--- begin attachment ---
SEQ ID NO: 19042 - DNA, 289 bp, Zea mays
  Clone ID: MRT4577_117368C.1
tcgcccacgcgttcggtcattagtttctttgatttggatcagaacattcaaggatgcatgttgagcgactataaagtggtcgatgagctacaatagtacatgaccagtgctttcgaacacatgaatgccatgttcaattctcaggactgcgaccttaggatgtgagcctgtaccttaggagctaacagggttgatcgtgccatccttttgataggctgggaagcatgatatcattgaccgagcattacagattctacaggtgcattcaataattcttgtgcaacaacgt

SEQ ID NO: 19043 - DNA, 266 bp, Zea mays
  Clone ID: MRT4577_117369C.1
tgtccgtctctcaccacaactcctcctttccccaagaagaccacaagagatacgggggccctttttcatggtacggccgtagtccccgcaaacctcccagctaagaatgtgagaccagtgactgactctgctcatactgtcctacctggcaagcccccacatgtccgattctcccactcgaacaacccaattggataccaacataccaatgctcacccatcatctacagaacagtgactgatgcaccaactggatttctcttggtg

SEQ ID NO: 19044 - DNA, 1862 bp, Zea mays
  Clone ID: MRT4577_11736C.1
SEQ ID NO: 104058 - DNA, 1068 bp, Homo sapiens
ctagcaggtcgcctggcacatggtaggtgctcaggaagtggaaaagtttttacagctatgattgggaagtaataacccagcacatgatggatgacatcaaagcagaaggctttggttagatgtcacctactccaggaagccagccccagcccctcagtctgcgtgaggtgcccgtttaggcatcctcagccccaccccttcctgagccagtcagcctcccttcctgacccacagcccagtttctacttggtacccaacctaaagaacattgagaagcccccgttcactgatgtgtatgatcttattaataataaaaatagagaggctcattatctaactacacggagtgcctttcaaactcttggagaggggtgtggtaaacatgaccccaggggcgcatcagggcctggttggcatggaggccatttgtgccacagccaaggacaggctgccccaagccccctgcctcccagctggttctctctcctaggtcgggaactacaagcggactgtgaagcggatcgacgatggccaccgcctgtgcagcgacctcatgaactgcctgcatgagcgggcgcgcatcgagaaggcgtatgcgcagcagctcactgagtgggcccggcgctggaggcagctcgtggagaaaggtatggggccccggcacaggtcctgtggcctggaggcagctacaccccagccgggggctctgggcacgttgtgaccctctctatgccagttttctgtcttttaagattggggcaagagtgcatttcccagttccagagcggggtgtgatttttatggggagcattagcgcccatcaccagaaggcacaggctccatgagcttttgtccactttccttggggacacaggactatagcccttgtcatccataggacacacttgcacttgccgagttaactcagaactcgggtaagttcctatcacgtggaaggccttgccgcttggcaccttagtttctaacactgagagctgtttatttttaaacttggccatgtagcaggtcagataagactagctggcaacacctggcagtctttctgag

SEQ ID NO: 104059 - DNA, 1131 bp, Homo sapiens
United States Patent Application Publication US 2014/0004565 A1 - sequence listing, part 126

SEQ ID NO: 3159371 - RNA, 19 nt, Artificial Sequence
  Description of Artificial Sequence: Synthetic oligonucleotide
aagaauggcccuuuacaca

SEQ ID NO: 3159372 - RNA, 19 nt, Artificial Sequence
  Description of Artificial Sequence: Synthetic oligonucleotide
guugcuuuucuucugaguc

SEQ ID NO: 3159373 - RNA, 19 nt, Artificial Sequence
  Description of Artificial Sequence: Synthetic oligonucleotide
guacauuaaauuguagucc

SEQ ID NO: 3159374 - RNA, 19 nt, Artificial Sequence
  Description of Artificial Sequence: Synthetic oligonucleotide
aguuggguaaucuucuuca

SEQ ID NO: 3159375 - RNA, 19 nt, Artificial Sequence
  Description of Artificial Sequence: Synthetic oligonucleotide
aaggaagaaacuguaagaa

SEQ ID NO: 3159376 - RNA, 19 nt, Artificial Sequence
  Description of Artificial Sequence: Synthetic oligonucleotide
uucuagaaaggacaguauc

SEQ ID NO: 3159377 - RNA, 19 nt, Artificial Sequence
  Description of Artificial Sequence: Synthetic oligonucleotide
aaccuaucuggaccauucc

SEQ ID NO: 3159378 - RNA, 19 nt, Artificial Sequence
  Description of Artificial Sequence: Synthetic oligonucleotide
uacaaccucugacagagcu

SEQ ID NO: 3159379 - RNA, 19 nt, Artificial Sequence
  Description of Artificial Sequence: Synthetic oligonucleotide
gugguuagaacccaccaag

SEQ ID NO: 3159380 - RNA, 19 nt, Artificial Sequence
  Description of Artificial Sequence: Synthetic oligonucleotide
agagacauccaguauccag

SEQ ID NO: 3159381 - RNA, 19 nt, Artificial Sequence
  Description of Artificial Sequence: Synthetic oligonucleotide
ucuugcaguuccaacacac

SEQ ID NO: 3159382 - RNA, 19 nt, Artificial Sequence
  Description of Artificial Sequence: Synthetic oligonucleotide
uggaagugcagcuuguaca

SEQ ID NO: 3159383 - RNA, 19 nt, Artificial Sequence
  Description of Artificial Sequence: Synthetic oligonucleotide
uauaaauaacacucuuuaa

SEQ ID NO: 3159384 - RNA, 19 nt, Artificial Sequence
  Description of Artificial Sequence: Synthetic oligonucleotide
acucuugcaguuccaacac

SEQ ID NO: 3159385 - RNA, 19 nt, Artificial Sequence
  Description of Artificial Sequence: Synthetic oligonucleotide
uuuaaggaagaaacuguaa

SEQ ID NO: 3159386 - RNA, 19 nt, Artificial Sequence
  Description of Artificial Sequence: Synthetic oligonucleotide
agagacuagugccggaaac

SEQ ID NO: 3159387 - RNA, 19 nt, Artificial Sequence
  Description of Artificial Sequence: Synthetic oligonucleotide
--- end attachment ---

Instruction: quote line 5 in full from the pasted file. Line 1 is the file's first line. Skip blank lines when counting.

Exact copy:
  Clone ID: MRT4577_117369C.1